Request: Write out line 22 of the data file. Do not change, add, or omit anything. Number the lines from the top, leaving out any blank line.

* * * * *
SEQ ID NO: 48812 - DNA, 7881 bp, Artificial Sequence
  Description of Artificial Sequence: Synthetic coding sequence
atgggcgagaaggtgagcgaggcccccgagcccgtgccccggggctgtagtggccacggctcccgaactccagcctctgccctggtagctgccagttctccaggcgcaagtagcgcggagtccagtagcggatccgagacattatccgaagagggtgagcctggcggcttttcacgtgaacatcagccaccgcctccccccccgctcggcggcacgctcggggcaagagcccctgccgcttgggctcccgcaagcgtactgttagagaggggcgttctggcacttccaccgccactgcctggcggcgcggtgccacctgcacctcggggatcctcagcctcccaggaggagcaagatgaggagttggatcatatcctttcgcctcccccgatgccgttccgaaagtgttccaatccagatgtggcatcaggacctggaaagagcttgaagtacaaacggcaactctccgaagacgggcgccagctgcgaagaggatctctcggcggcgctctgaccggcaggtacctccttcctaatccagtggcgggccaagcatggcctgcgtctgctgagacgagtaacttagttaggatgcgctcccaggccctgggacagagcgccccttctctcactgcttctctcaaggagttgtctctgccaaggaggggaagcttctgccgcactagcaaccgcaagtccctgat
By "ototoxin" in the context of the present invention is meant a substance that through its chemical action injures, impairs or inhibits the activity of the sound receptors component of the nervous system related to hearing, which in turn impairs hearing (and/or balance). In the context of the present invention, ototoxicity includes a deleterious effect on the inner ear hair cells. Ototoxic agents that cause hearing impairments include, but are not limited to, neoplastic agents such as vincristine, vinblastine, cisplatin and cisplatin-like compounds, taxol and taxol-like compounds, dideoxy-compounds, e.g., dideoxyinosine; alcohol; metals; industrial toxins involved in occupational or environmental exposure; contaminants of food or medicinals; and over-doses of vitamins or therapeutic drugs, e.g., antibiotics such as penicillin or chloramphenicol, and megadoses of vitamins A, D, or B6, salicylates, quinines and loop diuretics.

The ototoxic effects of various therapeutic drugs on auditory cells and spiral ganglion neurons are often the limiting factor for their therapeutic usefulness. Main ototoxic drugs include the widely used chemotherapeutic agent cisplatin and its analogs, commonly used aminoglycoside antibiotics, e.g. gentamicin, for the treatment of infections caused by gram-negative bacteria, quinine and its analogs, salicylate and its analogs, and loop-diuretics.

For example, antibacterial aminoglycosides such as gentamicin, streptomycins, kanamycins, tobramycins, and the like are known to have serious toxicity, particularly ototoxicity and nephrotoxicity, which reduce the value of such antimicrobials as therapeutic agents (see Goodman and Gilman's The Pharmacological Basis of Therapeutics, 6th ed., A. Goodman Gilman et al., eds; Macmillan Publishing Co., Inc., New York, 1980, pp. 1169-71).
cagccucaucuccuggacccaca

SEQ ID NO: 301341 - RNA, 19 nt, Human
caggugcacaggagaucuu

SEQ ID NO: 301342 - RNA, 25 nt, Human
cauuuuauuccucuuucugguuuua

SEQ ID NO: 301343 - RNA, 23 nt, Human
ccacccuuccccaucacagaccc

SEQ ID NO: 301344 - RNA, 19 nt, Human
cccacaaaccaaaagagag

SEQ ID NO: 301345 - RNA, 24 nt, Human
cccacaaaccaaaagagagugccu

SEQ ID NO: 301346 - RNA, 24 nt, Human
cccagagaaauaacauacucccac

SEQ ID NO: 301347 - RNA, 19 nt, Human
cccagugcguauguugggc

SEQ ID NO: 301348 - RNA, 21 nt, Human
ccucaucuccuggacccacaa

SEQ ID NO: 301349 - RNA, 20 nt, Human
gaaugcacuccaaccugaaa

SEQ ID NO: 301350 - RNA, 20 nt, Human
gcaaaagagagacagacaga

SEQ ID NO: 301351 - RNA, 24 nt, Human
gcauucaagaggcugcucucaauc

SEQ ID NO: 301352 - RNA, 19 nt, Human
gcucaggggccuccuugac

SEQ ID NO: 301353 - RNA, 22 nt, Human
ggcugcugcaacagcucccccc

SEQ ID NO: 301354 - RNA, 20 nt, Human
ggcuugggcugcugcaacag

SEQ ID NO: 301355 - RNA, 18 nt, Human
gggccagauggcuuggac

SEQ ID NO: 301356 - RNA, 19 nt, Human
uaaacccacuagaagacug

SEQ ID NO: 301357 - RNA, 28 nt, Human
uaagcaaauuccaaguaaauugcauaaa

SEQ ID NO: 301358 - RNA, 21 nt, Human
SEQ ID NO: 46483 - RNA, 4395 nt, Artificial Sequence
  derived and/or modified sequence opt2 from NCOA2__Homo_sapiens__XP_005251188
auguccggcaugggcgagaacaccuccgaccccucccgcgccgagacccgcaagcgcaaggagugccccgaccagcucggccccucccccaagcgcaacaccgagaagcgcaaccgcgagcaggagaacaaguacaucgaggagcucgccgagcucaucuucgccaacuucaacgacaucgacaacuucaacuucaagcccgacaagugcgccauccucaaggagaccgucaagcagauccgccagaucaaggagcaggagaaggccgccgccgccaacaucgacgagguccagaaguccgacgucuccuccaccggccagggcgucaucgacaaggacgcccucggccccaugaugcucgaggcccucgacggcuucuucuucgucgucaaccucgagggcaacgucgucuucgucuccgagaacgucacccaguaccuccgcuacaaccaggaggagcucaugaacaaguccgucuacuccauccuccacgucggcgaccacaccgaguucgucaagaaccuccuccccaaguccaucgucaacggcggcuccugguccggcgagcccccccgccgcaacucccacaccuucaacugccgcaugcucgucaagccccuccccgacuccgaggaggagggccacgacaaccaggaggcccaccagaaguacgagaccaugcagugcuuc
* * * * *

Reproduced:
SEQ ID NO: 301348 - RNA, 21 nt, Human